How Do Nassau County Courts Determine Child Support Terms?
One of the most hotly-contested divorce-related issues is child support. That being said, if you are a divorcing parent, there is a very good chance that you may be worried about your ability to continue to financially support your child. If you are someone who is seeking child support payments here in Nassau County, it may be an uphill battle to receive them, however, nobody should have to fight that battle alone. For this very reason, our Nassau County divorce attorney is here to help you through every step of the process ahead. Please continue reading and speak with our knowledgeable firm to learn more about child support in Nassau County and how we can help you receive it.
What does the Child Support Standard Act do?
In years past, New York State signed the CSSA into law so that the financial cost of raising a child is equitably proportioned between that child’s parents. There is a wide variety of factors that determine child support terms, though the two most important are both parents’ income, and a percentage of combined income between parents which is then allocated in proportion to each parent’s income. Those percentages are as follows:
- One child: 17%
- Two children: 25%
- Three children: 29%
- Four children: 31%
- Five or more children: No less than 35%
What additional factors do Nassau County courts consider when determining child support?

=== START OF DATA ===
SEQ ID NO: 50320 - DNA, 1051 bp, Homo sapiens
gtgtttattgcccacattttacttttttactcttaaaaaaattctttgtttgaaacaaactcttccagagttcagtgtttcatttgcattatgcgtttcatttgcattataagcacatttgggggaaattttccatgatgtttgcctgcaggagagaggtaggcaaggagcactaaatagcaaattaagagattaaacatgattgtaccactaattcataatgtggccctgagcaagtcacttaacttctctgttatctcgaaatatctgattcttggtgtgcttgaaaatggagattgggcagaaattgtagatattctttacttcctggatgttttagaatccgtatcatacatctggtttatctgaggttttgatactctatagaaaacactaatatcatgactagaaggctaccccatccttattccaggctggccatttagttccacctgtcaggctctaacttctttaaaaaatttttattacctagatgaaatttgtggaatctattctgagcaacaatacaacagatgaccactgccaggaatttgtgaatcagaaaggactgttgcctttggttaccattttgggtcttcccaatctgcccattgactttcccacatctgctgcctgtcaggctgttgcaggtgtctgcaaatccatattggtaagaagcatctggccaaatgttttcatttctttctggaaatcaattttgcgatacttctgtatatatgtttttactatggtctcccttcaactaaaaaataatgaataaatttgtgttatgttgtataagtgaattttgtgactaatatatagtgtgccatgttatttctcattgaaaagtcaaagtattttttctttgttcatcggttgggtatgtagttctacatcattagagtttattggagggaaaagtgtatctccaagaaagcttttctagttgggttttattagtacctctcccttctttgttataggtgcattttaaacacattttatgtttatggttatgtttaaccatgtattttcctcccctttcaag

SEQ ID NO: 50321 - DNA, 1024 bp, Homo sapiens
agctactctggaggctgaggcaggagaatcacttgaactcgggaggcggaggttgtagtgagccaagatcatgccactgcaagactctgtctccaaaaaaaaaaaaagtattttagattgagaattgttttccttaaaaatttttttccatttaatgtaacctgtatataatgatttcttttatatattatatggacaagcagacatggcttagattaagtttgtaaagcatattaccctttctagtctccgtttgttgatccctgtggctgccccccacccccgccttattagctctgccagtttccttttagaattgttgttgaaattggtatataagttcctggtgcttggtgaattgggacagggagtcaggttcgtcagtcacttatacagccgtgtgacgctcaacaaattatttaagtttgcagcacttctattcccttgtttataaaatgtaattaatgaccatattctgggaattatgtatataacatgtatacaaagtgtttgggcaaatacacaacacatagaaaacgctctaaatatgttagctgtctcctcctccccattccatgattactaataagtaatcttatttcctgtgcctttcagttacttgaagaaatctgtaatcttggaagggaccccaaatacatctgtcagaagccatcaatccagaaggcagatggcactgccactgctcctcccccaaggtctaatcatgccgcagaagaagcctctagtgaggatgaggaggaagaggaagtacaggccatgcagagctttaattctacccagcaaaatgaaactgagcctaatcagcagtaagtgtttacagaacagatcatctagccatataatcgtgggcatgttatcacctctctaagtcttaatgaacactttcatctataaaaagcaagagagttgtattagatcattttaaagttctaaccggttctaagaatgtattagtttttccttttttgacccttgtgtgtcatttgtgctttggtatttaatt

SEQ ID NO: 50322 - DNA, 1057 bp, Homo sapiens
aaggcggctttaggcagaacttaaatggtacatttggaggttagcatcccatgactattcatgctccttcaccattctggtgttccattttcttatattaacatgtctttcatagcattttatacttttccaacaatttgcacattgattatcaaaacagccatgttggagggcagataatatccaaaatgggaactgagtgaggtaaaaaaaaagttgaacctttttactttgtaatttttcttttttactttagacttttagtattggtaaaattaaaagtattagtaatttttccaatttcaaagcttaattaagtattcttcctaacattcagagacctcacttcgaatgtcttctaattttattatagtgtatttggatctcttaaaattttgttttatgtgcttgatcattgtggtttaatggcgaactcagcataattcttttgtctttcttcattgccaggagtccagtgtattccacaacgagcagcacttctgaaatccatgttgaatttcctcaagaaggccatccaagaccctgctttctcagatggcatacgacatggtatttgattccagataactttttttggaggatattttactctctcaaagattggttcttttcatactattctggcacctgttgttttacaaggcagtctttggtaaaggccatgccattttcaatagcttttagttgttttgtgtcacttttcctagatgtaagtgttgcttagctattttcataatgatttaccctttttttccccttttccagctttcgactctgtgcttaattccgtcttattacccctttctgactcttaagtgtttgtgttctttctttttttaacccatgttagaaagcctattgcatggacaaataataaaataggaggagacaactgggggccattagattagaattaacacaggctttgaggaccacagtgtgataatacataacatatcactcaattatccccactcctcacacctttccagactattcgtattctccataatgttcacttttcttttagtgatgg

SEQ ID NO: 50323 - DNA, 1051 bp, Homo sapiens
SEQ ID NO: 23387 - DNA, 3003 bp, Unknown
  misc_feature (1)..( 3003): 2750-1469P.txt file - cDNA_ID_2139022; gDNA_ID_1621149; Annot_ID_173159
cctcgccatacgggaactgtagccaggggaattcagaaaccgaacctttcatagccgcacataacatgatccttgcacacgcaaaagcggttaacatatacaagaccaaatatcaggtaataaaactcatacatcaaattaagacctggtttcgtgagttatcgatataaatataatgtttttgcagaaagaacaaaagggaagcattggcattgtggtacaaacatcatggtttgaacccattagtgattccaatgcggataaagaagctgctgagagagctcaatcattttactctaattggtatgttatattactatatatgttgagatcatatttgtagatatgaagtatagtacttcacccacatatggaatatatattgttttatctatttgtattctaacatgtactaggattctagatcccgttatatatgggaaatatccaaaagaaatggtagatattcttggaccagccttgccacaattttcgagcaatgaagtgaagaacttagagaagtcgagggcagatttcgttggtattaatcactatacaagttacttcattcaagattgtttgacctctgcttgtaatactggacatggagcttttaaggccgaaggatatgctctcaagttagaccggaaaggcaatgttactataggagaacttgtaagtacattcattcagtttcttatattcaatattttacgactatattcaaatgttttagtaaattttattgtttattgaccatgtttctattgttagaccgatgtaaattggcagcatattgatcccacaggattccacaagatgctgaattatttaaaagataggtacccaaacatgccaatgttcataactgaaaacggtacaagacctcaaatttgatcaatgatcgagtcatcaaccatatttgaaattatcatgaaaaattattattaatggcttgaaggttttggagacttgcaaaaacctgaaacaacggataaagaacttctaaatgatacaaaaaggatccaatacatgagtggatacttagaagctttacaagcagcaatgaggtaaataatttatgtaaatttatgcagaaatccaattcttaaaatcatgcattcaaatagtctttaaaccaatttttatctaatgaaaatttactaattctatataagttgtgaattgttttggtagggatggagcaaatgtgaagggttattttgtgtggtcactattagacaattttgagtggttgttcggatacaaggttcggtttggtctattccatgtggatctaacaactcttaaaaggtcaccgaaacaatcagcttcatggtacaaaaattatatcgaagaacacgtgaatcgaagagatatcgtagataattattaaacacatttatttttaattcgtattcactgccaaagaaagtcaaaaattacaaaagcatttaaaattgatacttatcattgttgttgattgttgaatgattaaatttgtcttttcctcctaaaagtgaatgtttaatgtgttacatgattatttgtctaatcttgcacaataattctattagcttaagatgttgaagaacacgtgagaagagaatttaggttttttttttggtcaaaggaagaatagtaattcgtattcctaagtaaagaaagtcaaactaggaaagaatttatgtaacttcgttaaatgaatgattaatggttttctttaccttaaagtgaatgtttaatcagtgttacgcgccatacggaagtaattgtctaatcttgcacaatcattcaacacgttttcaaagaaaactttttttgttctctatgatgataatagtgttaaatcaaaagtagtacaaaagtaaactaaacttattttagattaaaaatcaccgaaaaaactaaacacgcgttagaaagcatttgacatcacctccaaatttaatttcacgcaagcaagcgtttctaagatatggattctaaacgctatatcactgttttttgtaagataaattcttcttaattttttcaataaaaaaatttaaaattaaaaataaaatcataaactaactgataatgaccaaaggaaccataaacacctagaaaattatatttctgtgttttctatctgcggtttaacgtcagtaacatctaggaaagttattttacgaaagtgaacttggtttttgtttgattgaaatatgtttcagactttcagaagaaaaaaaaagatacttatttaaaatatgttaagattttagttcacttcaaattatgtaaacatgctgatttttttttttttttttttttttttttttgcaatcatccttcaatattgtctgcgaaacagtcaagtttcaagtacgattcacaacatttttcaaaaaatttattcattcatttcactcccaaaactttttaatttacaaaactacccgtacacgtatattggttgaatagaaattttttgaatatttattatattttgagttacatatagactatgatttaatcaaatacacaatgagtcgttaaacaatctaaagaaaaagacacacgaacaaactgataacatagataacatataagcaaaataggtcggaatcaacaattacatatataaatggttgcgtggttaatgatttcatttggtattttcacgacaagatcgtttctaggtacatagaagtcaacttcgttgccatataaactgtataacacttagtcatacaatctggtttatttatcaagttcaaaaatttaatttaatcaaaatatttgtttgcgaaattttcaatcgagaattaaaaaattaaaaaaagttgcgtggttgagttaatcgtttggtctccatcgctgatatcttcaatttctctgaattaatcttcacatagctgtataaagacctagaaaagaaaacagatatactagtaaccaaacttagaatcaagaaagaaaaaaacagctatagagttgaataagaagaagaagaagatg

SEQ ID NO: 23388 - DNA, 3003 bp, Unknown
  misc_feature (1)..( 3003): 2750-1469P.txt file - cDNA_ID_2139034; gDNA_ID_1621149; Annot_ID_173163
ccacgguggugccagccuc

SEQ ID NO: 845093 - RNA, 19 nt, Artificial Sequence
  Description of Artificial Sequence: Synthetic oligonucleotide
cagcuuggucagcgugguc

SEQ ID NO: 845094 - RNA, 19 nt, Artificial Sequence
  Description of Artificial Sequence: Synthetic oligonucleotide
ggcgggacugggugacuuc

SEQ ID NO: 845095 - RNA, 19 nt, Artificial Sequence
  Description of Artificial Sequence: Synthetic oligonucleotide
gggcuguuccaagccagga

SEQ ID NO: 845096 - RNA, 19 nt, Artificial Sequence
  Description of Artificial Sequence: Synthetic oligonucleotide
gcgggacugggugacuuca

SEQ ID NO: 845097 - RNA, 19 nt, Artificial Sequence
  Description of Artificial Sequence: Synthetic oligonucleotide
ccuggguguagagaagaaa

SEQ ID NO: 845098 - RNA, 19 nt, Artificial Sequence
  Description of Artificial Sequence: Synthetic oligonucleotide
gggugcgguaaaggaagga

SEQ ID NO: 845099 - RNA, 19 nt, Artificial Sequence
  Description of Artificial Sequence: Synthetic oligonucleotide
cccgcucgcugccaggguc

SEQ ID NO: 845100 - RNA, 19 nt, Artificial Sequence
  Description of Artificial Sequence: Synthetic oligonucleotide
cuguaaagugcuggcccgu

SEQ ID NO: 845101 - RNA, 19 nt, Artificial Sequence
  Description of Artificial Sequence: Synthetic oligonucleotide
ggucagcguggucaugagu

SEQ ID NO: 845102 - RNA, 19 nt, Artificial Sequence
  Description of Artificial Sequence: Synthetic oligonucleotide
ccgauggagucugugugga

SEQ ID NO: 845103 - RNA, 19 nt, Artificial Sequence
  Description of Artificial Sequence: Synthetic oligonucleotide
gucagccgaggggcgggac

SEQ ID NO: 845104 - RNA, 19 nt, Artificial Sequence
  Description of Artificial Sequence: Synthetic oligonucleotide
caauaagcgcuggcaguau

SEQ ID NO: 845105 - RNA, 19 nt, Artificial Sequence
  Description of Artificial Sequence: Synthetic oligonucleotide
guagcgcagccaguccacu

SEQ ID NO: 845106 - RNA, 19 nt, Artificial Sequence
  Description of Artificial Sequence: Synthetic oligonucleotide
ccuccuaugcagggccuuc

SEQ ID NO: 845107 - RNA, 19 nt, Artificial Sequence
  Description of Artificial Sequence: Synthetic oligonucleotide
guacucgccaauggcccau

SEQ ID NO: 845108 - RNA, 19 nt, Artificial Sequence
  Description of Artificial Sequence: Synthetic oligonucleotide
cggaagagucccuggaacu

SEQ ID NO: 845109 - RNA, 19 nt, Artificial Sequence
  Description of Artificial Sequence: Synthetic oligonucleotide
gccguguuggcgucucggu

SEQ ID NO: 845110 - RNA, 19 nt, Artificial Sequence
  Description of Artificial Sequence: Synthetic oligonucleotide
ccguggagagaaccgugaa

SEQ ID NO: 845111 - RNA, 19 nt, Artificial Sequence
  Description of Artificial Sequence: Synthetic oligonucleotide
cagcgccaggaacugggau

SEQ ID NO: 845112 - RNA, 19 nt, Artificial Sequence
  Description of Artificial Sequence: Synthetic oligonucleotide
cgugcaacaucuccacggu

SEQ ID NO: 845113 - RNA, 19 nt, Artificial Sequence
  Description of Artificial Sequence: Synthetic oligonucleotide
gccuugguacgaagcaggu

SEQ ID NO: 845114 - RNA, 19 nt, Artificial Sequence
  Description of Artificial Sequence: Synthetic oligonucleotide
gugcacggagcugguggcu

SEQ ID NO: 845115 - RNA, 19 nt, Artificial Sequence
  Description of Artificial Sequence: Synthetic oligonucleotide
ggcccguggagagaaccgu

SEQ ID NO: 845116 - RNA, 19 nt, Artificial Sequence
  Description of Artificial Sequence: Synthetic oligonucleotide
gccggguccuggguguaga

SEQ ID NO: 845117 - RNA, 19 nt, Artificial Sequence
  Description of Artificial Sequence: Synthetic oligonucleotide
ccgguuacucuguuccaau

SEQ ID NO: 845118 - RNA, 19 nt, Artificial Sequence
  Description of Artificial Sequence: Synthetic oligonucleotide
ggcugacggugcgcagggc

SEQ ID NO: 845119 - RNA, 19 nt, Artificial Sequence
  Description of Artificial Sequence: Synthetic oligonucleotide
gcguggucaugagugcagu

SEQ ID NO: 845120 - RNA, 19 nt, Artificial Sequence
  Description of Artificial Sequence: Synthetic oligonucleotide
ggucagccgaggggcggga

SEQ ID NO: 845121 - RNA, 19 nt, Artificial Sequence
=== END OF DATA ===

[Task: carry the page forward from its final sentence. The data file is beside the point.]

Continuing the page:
The top priority of Nassau County courts is your child’s best interests, so their decision will largely revolve around what they determine that to be. However, they will analyze a myriad of aspects of you and your spouse’s and your child’s life, including whether your child has any special needs, they will consider you and your spouse’s age and health, you and your spouse’s education and earning potential, and more.
When can I stop paying child support in Nassau County?
The general rule of thumb when it comes to child support in Nassau County is that parents can stop paying child support when their child turns 21 years old. That being said, there are various scenarios that may warrant an extension of child support. For example, if your child has special needs, this may be an issue that courts determine warrants an extended period of support. Additionally, if your child plans on receiving a higher education via college or otherwise, courts may determine that you have to continue making child support payments to help cover the cost of tuition. No matter your circumstances, if you feel your support agreement warrants modification, call our firm so we can discuss your options.
Contact our experienced Nassau County firm
The Pollack Law Firm, P.C., rated Nassau County’s “BEST” divorce lawyers and proudly serving clients in Nassau and Suffolk County for more than 22 years, is always available to assist and represent parties in divorce, separation and all other matrimonial and family law matters. Contact us online or call today to schedule your complimentary case analysis: (516) 342-3575.